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Article: Analyzing Chinese Nationalism through the Protect Diaoyutai Movement

TitleAnalyzing Chinese Nationalism through the Protect Diaoyutai Movement
Authors
KeywordsChinese nationalism
Psychoanalysis
Protect Diaoyutai Movement
Hong Kong
Japan
Issue Date2009
PublisherNational Taiwan Normal University. The Journal's web site is located at http://www.eng.ntnu.edu.tw/concentric-literature/contact%20concentric.htm
Citation
Concentric: literary and cultural studies, 2009, v. 35 n. 2, p. 175-210 How to Cite?
AbstractUsing three psychoanalytic insights in the context of nationalism, this paper sets out to illustrate the unrecognized imaginaries in the political unconscious of contemporary Chinese nationalism by looking at a spectacular Chinese nationalist movement, the Protect Diaoyutai Movement of 1996. Firstly, the paper suggests that a certain cultural imaginary of 'nationalism' (or 'love of one's nation') is perverse. This idea has profound political implications for democracy, because in Lacanian psychoanalysis the pervert is tortured by the inability to separate his subjectivity from the perversely demanding Other. However, democracy is supposed to protect, and allow for the equal and free manifestation of, subjectivity in the human community. What, then, can this case teach us about the difficult relation between the two dominant modern political imperatives of nationalism and democracy? Secondly, the paper illustrates the traumatic and 'real' implications of the jouissance of nationalism through the example of the inadvertent and traumatic death of a leader of the 1996 Protect Diaoyutai Movement in Hong Kong. Here the question will be: What is the irreducible aspect of the Lacanian real that people failed to symbolize and reckon with in dealing with Chen Yuxiang’s death? Thirdly, the paper takes the concept of disavowal as being central to the operational logic of perversion, and explores the following questions. Can the analysis of this case help us to understand how the perverse cultural imaginary of nationalism operates through denial and disavowal? How can theory articulate and make knowable the plight of nationalism’s hated and persecuted others? How can Jacques-Alain Miller’s concept of extimacy address the relation between the nationalist community and its disavowed others?
Persistent Identifierhttp://hdl.handle.net/10722/90308
ISSN
2015 SCImago Journal Rankings: 0.111

 

DC FieldValueLanguage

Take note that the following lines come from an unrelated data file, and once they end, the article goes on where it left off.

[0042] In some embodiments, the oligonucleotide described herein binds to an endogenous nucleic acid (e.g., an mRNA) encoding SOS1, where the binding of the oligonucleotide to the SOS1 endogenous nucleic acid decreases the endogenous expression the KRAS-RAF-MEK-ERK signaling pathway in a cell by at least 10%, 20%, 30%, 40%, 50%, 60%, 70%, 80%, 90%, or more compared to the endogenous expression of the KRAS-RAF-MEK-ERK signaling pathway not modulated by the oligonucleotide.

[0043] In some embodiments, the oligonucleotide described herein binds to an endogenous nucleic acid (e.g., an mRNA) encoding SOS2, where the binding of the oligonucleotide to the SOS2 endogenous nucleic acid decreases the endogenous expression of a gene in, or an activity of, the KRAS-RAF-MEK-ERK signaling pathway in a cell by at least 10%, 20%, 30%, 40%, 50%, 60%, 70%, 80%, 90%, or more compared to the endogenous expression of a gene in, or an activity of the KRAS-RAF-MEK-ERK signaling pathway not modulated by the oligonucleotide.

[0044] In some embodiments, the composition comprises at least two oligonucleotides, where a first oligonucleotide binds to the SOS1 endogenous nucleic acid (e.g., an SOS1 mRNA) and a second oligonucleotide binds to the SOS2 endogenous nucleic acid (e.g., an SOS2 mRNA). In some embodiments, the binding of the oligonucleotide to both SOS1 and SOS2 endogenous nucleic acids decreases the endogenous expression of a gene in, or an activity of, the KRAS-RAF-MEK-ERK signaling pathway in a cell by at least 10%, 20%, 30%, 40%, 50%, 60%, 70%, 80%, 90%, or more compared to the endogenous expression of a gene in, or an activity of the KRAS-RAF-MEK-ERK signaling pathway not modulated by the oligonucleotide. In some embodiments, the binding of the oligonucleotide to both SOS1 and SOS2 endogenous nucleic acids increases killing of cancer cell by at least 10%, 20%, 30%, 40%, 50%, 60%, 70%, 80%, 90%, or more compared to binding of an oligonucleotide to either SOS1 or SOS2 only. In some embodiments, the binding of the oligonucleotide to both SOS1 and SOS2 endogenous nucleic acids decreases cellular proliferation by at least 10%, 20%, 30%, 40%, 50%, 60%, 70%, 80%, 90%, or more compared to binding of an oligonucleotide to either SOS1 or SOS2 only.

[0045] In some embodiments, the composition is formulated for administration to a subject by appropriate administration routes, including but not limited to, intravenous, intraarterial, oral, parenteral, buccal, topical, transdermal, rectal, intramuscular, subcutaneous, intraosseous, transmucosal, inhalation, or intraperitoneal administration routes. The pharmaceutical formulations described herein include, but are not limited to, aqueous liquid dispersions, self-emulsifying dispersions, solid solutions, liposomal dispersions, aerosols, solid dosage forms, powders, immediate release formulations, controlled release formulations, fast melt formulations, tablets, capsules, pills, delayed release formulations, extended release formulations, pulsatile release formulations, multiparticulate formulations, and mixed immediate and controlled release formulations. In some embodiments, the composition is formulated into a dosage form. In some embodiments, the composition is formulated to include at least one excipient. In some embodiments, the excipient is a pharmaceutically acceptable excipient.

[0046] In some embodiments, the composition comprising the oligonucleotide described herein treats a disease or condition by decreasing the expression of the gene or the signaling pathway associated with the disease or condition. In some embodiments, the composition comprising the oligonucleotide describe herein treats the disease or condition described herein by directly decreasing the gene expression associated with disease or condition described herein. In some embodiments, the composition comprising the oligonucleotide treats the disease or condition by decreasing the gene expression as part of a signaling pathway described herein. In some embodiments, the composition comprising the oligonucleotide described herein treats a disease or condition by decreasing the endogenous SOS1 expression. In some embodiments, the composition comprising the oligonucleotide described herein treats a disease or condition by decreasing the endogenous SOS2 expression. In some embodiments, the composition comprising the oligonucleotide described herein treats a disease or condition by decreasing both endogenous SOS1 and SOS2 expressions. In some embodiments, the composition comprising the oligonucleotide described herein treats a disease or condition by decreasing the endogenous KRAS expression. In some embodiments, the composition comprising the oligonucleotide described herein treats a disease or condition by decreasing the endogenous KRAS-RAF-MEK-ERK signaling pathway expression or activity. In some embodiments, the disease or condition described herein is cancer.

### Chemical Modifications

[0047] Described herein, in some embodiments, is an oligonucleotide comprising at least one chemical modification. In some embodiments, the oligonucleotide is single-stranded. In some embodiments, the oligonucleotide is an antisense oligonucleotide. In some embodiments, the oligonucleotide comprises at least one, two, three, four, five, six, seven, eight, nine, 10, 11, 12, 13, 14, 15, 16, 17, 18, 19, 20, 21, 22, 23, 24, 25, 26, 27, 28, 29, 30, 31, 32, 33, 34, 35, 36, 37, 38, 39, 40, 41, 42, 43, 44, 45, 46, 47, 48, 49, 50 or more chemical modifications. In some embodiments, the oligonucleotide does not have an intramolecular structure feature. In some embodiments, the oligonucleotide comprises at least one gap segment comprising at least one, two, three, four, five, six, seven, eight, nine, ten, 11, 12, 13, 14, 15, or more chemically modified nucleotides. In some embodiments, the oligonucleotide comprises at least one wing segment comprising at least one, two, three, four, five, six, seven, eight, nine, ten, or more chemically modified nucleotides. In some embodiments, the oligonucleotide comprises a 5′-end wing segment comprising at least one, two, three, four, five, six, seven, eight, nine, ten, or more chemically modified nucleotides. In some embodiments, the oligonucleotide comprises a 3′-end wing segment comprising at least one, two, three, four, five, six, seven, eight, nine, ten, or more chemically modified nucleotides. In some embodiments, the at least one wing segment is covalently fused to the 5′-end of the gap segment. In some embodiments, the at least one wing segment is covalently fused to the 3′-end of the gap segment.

dc.contributor.authorSzeto, MMen_HK
dc.date.accessioned2010-09-06T10:08:30Z-
dc.date.available2010-09-06T10:08:30Z-
dc.date.issued2009en_HK
dc.identifier.citationConcentric: literary and cultural studies, 2009, v. 35 n. 2, p. 175-210en_HK
dc.identifier.issn1729-6897en_HK
dc.identifier.urihttp://hdl.handle.net/10722/90308-
dc.description.abstractUsing three psychoanalytic insights in the context of nationalism, this paper sets out to illustrate the unrecognized imaginaries in the political unconscious of contemporary Chinese nationalism by looking at a spectacular Chinese nationalist movement, the Protect Diaoyutai Movement of 1996. Firstly, the paper suggests that a certain cultural imaginary of 'nationalism' (or 'love of one's nation') is perverse. This idea has profound political implications for democracy, because in Lacanian psychoanalysis the pervert is tortured by the inability to separate his subjectivity from the perversely demanding Other. However, democracy is supposed to protect, and allow for the equal and free manifestation of, subjectivity in the human community. What, then, can this case teach us about the difficult relation between the two dominant modern political imperatives of nationalism and democracy? Secondly, the paper illustrates the traumatic and 'real' implications of the jouissance of nationalism through the example of the inadvertent and traumatic death of a leader of the 1996 Protect Diaoyutai Movement in Hong Kong. Here the question will be: What is the irreducible aspect of the Lacanian real that people failed to symbolize and reckon with in dealing with Chen Yuxiang’s death? Thirdly, the paper takes the concept of disavowal as being central to the operational logic of perversion, and explores the following questions. Can the analysis of this case help us to understand how the perverse cultural imaginary of nationalism operates through denial and disavowal? How can theory articulate and make knowable the plight of nationalism’s hated and persecuted others? How can Jacques-Alain Miller’s concept of extimacy address the relation between the nationalist community and its disavowed others?-
dc.languageengen_HK
dc.publisherNational Taiwan Normal University. The Journal's web site is located at http://www.eng.ntnu.edu.tw/concentric-literature/contact%20concentric.htmen_HK
dc.relation.ispartofConcentric: literary and cultural studiesen_HK
dc.subjectChinese nationalism-
dc.subjectPsychoanalysis-
dc.subjectProtect Diaoyutai Movement-
dc.subjectHong Kong-
dc.subjectJapan-
dc.titleAnalyzing Chinese Nationalism through the Protect Diaoyutai Movementen_HK
dc.typeArticleen_HK
dc.identifier.openurlhttp://library.hku.hk:4550/resserv?sid=HKU:IR&issn=1729-6897&volume=35&issue=2&spage=175&epage=210&date=2009&atitle=Analyzing+Chinese+Nationalism+through+the+Protect+Diaoyutai+Movementen_HK
dc.identifier.emailSzeto, MM: mmszeto@hkucc.hku.hken_HK
dc.identifier.authoritySzeto, MM=rp01180en_HK
dc.identifier.hkuros168144en_HK
dc.identifier.hkuros166949-
dc.identifier.volume35-
dc.identifier.issue2-
dc.identifier.spage175-
dc.identifier.epage210-
dc.publisher.placeTaiwan, Republic of China-

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